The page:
Until Jjiraffe commented on this post, I never considered myself a shut-in. If questioned on that point, I would have thought about it, but I still would probably not have come up with that term. I would have rationalized my behavior with something like ‘I’m confining my world because bad things have happened to me, and the more control I have over my interactions, the less likely things beyond my control will affect me.’ That’s probably not healthy at all, is it? Okay, no ‘probably’ about it. But when did I start confining my world? What did I used to be like?
When I moved out ‘for real,’ I got a job delivering pizza because my BFF was the assistant manager.
Let me tell you a little something about pizza delivery. It is one of the best jobs ever. Hands down. I was 21 years old and I got paid to ride around in my car all night listening to the radio. Plus I got free pizza. I’m pretty sure the only thing that could have made it better for me at that point in my life was free drinks. But that’s not the point of this story.
The point of this story is that I learned the delivery area like the back of my hand. Better than the back of my hand, although I have made a point of studying the back of my hand so as not to feel like a hypocrite when using that phrase. You may have lived in the same town all your life, but you do not know your town like any pizza driver worth their salt. And while this knowledge made my routing more efficient, thus earning me more runs and more tips, the best part was that it made my home larger.
You know how you can wander to the kitchen in the dark in the middle of the night to get a drink of water without walking into anything? Doesn’t it make you feel safe to be so sure of your surroundings? Don’t you feel warm and cozy and secure? I do. I love that feeling. There’s also that tinge of elitist when you see someone else stub a toe or bark a shin on something you already knew was looming to attack.
I hate being somewhere unfamiliar. I want to be at home, where everything is familiar, where everything has its place, where if I’m looking for the crackers, I know they’re on the second shelf in the pantry, all the way to the right. So you can imagine how good it felt when my home wasn’t measured in square feet but square miles. It felt amazing. Even when I moved up into management, I still routed the drivers, I still delivered on occasion, so it was still home.
Then I quit. And I went to be a mobile phlebotomist at the blood center. And that was even better! Not only did I still get to use my hugely accurate mental map of home, but I was able to expand it by hundreds of square miles! I had my small home on the donor coach, and I had my big home of northwest Louisiana. It was during this time that I was diagnosed with PCOS.
Then I quit. And I eventually went back to pizza. And that was okay, because although my home was smaller, it was more familiar. Things were okay. Really.
And then they weren’t anymore. Things stopped being okay, and they kept getting worse. I couldn’t even take solace in my home anymore, because pizza delivery was part of the reason things got so bad. My work ethic was a shambles, and my marriage was a wreck. My husband was ‘working late’ every night because I was so crazy, and I was being shuffled from store to store because I was so miserable, no one wanted me. It got so hard going to work every day and not being able to look my coworkers in the eye because I was tired of seeing them feel sorry for me. I stopped going to friends’ houses. I stopped going to karaoke. I stopped everything except going to work.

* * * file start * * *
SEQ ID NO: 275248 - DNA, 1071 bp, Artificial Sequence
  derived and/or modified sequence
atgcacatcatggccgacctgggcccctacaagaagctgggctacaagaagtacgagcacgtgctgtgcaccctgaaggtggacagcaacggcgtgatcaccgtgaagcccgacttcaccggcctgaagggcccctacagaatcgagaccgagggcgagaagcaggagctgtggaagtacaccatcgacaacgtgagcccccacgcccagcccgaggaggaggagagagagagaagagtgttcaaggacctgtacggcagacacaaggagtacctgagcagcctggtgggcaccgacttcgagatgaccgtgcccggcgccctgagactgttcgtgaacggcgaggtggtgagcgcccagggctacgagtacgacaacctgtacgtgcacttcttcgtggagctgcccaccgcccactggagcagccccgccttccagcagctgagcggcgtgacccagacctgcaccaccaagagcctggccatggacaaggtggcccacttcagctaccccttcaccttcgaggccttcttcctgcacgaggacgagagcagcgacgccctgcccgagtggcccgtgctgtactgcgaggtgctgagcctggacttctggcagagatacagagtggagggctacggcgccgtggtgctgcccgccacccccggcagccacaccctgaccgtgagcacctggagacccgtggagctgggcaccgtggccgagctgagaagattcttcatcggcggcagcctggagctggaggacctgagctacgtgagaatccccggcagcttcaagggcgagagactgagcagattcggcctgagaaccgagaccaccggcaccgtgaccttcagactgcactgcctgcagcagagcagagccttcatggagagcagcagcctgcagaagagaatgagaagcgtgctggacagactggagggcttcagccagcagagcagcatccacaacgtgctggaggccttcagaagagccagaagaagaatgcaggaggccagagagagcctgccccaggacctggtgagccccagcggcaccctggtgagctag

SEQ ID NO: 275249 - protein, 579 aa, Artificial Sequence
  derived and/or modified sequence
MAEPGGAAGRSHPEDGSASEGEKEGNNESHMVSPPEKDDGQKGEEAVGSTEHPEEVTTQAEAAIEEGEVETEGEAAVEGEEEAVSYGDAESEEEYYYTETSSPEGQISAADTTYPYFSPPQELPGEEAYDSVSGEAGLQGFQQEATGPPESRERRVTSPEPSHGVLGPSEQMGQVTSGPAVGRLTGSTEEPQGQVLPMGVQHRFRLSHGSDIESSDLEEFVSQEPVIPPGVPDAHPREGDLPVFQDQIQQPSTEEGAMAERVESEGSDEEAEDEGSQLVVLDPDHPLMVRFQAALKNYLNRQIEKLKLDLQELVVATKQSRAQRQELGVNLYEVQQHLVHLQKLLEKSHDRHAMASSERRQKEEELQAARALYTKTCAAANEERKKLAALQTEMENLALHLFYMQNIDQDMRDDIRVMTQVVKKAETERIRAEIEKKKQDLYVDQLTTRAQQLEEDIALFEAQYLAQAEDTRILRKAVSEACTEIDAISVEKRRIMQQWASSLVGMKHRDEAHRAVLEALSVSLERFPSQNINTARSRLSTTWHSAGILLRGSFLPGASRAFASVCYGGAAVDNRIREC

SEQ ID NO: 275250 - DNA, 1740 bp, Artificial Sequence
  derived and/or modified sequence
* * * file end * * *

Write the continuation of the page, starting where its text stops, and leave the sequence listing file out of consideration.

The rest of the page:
Then I quit. And I went to work for the census for a few months. And that’s where my world started shrinking even more. I was a field supervisor, so I met with my crew once a day to collect their paperwork, then I went home to check it and complete their payroll. Then I would take it all to my supervisor. And that was it. I was out of the house less than ten hours a week, period. When the census job ended, I filed for unemployment while I looked for another job. And I found out that when you burn the bridges to your fall-back job, it can be pretty hard to find meaningful work. But that was okay, because I didn’t want to leave the house anyway.
My husband had started his job delivering Chinese food by then, so sometimes I would ride around with him because it was a pretty informal working environment. But it wasn’t the same. My world had shrunk to the house and the car. Some days it was only the bedroom and the bathroom. I was a stay-at-home-infertile (thanks Rachel @ eggsinarow).
I did actually get a job not long after I started receiving unemployment, but it was 2-3 hours a week, if that, and at a children’s clothing store, no less. Yes, some days I couldn’t do it, even for only two hours, and even only in the stockroom, where I was free to cry all I wanted. I stopped working there after about nine months when my friend, the store manager, quit. I don’t think the new manager even knew to put me on the schedule anyway.
I was a stay-at-home-infertile-extreme-couponer for a while, not like in the show, but I did pretty well if I do say so myself. I definitely saved more than I made working at the clothing store. That at least gave me something to focus on besides not ovulating.
Now things are different. I’m still only working part-time, delivering papers one day a week. I still don’t go hang out with anyone. I still don’t really go anywhere besides the grocery store and Goodwill. I love me some thrift stores. But I am reaching out to the world again. My world isn’t made up of streets and houses anymore, it’s ethernet and fiber optic. Even though I can’t see any of you, I’m not just sitting here by myself every day. Even though it looks like I’m alone, I’m not. And that’s what’s really important.